Moulmein, Burma – some Bilu Island handicrafts

The first time our Moulmein guide suggested a visit to see some rubber band making we have to confess to be considerably less than enthusiastic! “Rubber bands – elastic bands!?” “Yes, really – very interesting and not far – just a short visit, very good”. Think it must have been the ‘not far’ part that convinced us but a great move it turned out to be. You would not imagine how fascinating rubber-band manufacturing can actually be!

The large Bilu Island, (aka Ogre island), lying just off the coast of Burma’s Moulmein Town has an impressive range of traditional handicrafts, though obviously cottage industry would be more accurate in the case of this post. We’ve seen the cheroot rolling, silk and lotus weaving and boat building at Inle; lacquer-wear of Bagan, the parasols of Pindaya and umbrellas of Pathein whilst Bilu has traditional hat making, bamboo pipes, writing slates but rubber bands is definitely one of the most unusual.

Local boat to Bilu Island
Local boat to Bilu Island

Never realised one could make rubber bands in their back garden – well as long as you have a rubber plantation handy – and what’s particularly interesting here is that the entire process, from collecting the raw latex from the tree to bagging up the finished brightly coloured bands ready for market, goes on in these folk’s garden.

Mum and the kids roll out the latex sheets
Mum and the kids roll out the latex sheets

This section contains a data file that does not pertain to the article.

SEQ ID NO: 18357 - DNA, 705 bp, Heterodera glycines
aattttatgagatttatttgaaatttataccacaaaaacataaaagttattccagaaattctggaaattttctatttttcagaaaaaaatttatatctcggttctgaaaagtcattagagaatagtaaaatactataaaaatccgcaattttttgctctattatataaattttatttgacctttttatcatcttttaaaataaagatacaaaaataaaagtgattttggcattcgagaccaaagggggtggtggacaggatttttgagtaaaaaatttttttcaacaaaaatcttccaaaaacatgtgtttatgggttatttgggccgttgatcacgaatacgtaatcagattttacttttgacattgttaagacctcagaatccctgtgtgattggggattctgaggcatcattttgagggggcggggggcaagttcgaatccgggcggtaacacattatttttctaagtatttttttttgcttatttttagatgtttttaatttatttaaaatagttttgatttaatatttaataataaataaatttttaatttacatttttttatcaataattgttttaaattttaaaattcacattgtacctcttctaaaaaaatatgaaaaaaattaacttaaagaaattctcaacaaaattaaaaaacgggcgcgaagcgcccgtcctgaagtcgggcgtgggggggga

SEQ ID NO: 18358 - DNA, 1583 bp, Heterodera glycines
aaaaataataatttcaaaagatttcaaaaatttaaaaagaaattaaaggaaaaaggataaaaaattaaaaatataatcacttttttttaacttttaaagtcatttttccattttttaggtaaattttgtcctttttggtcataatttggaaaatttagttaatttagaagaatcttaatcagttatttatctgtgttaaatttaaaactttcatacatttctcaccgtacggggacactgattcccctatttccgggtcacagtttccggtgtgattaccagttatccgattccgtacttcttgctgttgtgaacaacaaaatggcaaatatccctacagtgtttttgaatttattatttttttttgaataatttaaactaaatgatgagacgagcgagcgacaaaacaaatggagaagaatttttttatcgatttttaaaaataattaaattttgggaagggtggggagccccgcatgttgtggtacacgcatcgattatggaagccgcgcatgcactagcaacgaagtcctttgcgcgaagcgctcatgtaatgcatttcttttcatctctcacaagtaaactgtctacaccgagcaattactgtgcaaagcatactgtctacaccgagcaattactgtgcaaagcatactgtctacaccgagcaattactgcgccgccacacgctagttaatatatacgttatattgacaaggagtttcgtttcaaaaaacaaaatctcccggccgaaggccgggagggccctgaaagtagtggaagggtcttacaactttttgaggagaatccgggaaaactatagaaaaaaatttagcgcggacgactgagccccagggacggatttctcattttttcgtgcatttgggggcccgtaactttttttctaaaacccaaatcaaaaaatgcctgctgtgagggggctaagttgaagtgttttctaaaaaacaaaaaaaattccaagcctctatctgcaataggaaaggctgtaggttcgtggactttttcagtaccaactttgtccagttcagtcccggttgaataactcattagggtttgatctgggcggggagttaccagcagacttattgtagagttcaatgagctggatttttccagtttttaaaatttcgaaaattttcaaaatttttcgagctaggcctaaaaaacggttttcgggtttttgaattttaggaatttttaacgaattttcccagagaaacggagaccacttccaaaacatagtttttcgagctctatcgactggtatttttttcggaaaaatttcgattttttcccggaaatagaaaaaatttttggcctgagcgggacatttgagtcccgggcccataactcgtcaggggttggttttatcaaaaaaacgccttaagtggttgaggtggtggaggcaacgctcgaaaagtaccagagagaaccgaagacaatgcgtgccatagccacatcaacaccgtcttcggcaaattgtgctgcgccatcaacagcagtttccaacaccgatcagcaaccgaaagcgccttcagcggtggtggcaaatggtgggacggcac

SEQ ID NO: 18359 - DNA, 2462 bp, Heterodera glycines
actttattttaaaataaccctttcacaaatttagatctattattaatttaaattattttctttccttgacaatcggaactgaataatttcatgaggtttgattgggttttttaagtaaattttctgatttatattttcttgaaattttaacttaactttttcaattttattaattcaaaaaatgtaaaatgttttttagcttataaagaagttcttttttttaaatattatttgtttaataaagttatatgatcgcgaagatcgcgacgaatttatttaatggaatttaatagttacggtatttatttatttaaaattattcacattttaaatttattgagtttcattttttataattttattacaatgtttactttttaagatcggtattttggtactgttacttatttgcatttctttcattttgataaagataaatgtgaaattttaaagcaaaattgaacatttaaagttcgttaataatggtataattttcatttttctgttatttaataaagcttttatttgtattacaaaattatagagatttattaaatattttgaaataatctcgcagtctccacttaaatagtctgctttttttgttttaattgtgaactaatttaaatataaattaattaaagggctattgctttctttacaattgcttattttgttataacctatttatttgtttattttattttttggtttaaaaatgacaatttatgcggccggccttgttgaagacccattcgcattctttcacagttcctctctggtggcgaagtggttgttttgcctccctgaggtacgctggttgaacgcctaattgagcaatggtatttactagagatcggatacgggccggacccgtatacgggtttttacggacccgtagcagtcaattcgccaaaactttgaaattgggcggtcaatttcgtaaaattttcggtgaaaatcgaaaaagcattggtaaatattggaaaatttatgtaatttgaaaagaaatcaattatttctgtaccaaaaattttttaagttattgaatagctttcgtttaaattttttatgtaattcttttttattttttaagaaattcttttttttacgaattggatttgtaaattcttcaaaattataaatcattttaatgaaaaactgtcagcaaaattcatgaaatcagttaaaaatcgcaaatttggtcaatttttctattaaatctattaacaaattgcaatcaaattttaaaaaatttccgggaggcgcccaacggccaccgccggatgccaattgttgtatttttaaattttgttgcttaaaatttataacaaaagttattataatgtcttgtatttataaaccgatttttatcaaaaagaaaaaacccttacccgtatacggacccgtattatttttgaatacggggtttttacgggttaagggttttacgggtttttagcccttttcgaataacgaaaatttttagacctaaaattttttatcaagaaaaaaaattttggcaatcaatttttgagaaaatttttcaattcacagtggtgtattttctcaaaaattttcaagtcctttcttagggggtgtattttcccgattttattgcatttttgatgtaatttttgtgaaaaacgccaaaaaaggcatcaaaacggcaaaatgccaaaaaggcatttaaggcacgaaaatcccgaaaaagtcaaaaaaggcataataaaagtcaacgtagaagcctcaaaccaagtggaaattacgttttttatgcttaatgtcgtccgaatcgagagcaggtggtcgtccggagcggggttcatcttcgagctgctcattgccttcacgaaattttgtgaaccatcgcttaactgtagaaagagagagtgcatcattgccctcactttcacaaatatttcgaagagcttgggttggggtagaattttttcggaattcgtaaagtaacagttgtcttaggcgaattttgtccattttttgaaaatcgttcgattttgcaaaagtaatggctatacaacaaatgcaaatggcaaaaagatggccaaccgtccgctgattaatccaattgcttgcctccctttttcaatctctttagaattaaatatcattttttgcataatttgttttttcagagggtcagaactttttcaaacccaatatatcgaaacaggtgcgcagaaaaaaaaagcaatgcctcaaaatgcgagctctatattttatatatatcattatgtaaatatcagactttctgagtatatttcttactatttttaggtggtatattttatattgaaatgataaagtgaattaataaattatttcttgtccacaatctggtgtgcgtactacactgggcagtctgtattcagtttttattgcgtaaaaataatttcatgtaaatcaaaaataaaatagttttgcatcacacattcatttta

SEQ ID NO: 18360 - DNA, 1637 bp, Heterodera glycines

The raw latex is processed and taken to the garden shed where the sheets are melted and coloured dies added. Wooden poles are then dunked several times into the rubber until the required thickness of coating is obtained whereupon they’re taken outside for drying – making for a rather photogenic scene.

The coating process
The coating process

 

and the drying
and the drying

Once dried the rubber coating is peeled off and transferred to a 2nd shed for further drying and smoking to toughen them up a bit more before heading to the slicing machine.

Hollow rubber tubes
Hollow rubber tubes

The ancient looking machine seen below – which wouldn’t be out of place in a museum – then slices the hollow rubber tubes into thin band widths.

The finished article
The finished article

Then comes the fun part – sorting out a pile of a million bands – and that’s where the family kids plus grannie help out! Surprisingly interesting stuff to see and we’re looking forward to our next rubber band trip! A day trip to Bilu island is included in our off the beaten track South Burma tour, ‘Lookin’ Lazy at the Sea‘ as well as our 3 week comprehensive Burma itinerary, “Famous sites and Hidden Secrets“.

Cheers.

 

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